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From: Gennadiy Rozental (gennadiy.rozental_at_[hidden])
Date: 2007-06-04 16:51:09

"Emil Dotchevski" <emildotchevski_at_[hidden]> wrote in message

>>>> What if you depend on serialization or GUI lib or XML parser. It might
>>>> not
>>>> be possible to "reimplement" all your dependencies. And this is not a
>>>> good
>>>> practive in general IMO. Since you are causing breakage to "single
>>>> definition rule" on library level.
>>> There are really only two possibilities:
>>> 1) fix the GUI lib, or
>>> 2) sever ties with it, reimplement the parts you need, and explain in
>>> the
>>> documentation how a GUI lib can be hooked by the user.
>> or use older version of GUI library that you know works.
> If your goal is to commit your changes at any price, sure, that's the
> third
> possibility.

I don't like this sticker "at any price". It have some negative connotation.
Otherwise, yes. If I don't care about latest changes.

> In reality, choosing this third option means you'll be doing more work in
> the long run, because at a later time you still have to switch to the last
> version of the GUI lib, at which point you're presented with 1) and 2)
> again.

Why more? EXACTLY the same amount. I need to make my changes and I need to
make sure it works with your changes. I just propose to split this efforts
in time and do it in two independent steps.

>> How can I be "reasonably sure" (yet another "grey" term) until I run the
>> tests. And to run the tests I need to commit the changes. This is chicken
>> and egg problem.
> Even if you can't run all tests by yourself, you can run at least some
> tests
> to be "reasonably sure".
> And if we require that HEAD is stable, this is an additional motivation
> for
> people to be more careful when committing changes.

How "reasonably sure" I have to be? And how "more careful"? 65% careful?
With highly portable development, when you library is targeted to work on 30
different configurations, you can't be sure in anything. Nor you can't be
careful. The only way to be really sure is *run the test*. To run the test
you need to commit the changes.

>>>> What if I break something?
>>> Then you have everyone screaming, and you hope that you can do a quick
>>> fix
>>> before someone reverts your changes to make the trunk stable again.
>> What If I am working on port for new compiler? I don't want anyone to
>> test
>> agains my trunk version until I am done. And it may take me month
>> (because
>> I went on vacation right in a middle;0)
> So what's the hurry to commit your changes then? :)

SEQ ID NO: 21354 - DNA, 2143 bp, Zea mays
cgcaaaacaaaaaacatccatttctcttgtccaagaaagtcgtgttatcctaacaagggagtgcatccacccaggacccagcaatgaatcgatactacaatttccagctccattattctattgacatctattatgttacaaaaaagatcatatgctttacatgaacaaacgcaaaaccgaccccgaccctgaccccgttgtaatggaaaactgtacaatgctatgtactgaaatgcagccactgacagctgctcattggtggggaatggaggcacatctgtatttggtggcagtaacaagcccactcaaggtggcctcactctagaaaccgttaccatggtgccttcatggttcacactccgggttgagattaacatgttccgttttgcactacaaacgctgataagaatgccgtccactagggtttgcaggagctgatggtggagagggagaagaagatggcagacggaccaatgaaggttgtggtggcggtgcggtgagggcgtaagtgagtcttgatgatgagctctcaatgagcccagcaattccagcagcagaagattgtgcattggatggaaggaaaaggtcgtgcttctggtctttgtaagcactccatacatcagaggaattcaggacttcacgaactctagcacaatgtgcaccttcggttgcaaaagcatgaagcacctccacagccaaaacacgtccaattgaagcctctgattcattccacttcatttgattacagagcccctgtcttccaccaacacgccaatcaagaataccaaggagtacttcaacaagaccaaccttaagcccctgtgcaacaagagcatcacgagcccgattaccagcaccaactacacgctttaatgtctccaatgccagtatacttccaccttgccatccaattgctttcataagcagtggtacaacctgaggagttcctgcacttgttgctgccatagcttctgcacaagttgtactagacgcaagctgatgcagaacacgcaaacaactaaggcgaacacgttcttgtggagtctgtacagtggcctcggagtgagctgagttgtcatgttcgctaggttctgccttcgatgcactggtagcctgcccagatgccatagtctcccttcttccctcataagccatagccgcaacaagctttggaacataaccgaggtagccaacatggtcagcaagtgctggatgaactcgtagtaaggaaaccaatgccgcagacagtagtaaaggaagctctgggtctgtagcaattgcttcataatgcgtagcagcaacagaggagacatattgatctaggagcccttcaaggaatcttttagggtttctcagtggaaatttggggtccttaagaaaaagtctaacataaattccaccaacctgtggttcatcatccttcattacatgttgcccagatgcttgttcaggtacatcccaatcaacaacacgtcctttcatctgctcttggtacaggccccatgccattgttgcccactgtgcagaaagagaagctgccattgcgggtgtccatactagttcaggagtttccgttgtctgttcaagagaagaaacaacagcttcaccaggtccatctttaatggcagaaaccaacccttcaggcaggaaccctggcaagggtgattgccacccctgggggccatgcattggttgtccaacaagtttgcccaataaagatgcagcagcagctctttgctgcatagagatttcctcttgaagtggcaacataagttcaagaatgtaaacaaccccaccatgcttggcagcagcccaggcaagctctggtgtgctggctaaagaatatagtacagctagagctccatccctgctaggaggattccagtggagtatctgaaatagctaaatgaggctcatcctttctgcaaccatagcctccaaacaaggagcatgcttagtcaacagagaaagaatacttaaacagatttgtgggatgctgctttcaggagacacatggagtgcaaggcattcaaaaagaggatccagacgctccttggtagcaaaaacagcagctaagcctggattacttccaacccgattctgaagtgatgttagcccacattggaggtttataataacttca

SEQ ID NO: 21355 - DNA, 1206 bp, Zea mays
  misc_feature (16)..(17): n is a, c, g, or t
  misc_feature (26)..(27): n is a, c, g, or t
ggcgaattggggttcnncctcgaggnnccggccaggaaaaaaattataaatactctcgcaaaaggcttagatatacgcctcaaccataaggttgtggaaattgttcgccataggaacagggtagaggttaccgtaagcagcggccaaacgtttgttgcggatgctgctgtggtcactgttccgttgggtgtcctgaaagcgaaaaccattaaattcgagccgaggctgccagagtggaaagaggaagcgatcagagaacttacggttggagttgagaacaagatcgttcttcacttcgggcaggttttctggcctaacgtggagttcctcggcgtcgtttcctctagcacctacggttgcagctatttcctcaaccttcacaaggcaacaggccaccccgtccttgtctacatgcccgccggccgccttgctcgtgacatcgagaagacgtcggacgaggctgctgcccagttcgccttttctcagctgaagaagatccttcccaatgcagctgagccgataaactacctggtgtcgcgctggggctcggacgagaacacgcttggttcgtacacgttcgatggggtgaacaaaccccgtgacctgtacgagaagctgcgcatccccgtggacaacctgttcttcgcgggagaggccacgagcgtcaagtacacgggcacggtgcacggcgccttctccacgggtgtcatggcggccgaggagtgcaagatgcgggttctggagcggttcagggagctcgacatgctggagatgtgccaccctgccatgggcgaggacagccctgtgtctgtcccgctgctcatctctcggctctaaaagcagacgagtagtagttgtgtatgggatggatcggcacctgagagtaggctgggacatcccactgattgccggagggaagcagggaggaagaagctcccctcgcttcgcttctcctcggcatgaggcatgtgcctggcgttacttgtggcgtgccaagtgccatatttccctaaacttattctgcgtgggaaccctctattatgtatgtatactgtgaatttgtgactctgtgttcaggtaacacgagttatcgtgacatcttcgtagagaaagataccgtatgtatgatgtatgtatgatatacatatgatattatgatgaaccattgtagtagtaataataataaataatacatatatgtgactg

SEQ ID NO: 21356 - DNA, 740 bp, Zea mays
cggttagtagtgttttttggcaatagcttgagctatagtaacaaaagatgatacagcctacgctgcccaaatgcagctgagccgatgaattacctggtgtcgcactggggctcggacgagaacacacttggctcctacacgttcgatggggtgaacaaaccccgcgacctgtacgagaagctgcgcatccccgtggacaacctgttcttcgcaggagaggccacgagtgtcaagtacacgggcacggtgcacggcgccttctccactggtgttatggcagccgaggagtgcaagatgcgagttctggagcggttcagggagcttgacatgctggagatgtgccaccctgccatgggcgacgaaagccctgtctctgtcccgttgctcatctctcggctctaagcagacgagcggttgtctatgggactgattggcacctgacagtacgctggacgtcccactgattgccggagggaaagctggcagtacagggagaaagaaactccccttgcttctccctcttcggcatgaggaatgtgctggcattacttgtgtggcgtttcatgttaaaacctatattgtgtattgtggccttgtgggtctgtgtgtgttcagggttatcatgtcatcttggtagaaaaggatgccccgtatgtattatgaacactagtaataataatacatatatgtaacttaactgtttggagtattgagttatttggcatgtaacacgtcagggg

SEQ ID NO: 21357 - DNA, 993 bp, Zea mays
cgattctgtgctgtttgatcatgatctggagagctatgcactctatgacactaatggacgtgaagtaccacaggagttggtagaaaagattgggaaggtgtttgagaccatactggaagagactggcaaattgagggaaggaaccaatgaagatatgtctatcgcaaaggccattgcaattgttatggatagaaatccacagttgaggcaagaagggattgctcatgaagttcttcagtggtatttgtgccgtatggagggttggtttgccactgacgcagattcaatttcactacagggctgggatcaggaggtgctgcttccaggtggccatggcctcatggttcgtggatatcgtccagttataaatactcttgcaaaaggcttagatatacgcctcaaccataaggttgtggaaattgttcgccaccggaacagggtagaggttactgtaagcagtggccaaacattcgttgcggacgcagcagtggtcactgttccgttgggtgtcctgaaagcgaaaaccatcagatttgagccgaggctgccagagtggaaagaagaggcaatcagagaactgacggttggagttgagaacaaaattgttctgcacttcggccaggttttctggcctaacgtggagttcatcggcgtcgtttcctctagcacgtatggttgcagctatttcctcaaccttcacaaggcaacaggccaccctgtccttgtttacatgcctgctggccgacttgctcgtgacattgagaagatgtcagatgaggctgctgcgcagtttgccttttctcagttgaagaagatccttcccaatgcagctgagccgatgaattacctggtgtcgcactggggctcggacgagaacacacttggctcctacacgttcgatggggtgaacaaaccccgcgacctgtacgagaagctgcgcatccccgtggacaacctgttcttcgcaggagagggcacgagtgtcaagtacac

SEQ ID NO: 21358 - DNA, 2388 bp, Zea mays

To test them! ;) I was doing porting, then I went on vacation, then I came
back and continued.

> The more extensive the refactoring you're doing is, the more important it
> is
> for you to update often, so you don't deviate from everyone else's work
> too
> much. At some point you are "reasonably sure" that your current version is
> stable enough, and you commit.

You may be more or less sure that your own test will pass (rather less -
nothing is sure until code is committed and tested on all platforms). But
what about 1000 other tests that you never run from different components
that depend on you?

>>>> What if N libraries merged their changes the same time.
>>> This is not possible, changes are atomic.
>> Within an our? Some cozy Saturday evening ....
> In my opinion, the only way to deal with rapidly changing code base is to
> sync often. This can only work if you know that HEAD is stable (but of
> course if HEAD is bad, you can always sync to the previous version, or
> even
> revert the bad commit someone else did.)

I strongly disagree. This "catch the train" will lead us nowhere. Everyone
should be doing development at their own pace and I don't have to worry
about other peoples and their need to run some tests nor they need about
mine. This decoupling in "the only way" IMO.

>>>> How long will it take t osort it out?
>>> It'll certainly take less time to sort out compared to if the trunk is
>>> unstable (and everyone is more tolerant to bad commits.)
>> *Why* anyone but me should care about my bad commit?
> If your changes are relevant to anything, people will care about your (bad
> or good) commits.

Why? They shouldn't. Until I am done with my changes.

>> In reliable system no one should.
> I don't see how a system with high tolerance to bad commits can produce
> consistently good results.

Easily ;) Do you see any practical problem with approach I promote?


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